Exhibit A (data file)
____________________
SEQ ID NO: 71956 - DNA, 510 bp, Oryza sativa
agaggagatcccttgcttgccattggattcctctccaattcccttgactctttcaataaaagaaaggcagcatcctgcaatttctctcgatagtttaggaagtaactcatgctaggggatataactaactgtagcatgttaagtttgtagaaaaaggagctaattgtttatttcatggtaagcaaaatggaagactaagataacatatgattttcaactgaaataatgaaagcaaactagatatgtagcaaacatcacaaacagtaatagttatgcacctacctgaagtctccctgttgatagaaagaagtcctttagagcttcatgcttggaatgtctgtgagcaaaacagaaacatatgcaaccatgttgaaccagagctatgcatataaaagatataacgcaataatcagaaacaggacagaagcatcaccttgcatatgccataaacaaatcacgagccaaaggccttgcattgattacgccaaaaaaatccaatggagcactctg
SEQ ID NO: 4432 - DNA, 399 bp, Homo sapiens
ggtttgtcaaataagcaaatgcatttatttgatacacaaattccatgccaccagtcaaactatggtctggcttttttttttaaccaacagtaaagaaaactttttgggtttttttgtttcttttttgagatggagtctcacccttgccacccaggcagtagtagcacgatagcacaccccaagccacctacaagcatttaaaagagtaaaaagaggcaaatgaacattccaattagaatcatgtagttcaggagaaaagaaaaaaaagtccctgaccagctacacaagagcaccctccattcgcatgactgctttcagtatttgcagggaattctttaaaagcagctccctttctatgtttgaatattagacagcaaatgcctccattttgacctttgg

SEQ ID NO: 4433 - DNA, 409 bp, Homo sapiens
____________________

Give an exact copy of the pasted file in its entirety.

SEQ ID NO: 71956 - DNA, 510 bp, Oryza sativa
agaggagatcccttgcttgccattggattcctctccaattcccttgactctttcaataaaagaaaggcagcatcctgcaatttctctcgatagtttaggaagtaactcatgctaggggatataactaactgtagcatgttaagtttgtagaaaaaggagctaattgtttatttcatggtaagcaaaatggaagactaagataacatatgattttcaactgaaataatgaaagcaaactagatatgtagcaaacatcacaaacagtaatagttatgcacctacctgaagtctccctgttgatagaaagaagtcctttagagcttcatgcttggaatgtctgtgagcaaaacagaaacatatgcaaccatgttgaaccagagctatgcatataaaagatataacgcaataatcagaaacaggacagaagcatcaccttgcatatgccataaacaaatcacgagccaaaggccttgcattgattacgccaaaaaaatccaatggagcactctg
SEQ ID NO: 4432 - DNA, 399 bp, Homo sapiens
ggtttgtcaaataagcaaatgcatttatttgatacacaaattccatgccaccagtcaaactatggtctggcttttttttttaaccaacagtaaagaaaactttttgggtttttttgtttcttttttgagatggagtctcacccttgccacccaggcagtagtagcacgatagcacaccccaagccacctacaagcatttaaaagagtaaaaagaggcaaatgaacattccaattagaatcatgtagttcaggagaaaagaaaaaaaagtccctgaccagctacacaagagcaccctccattcgcatgactgctttcagtatttgcagggaattctttaaaagcagctccctttctatgtttgaatattagacagcaaatgcctccattttgacctttgg

SEQ ID NO: 4433 - DNA, 409 bp, Homo sapiens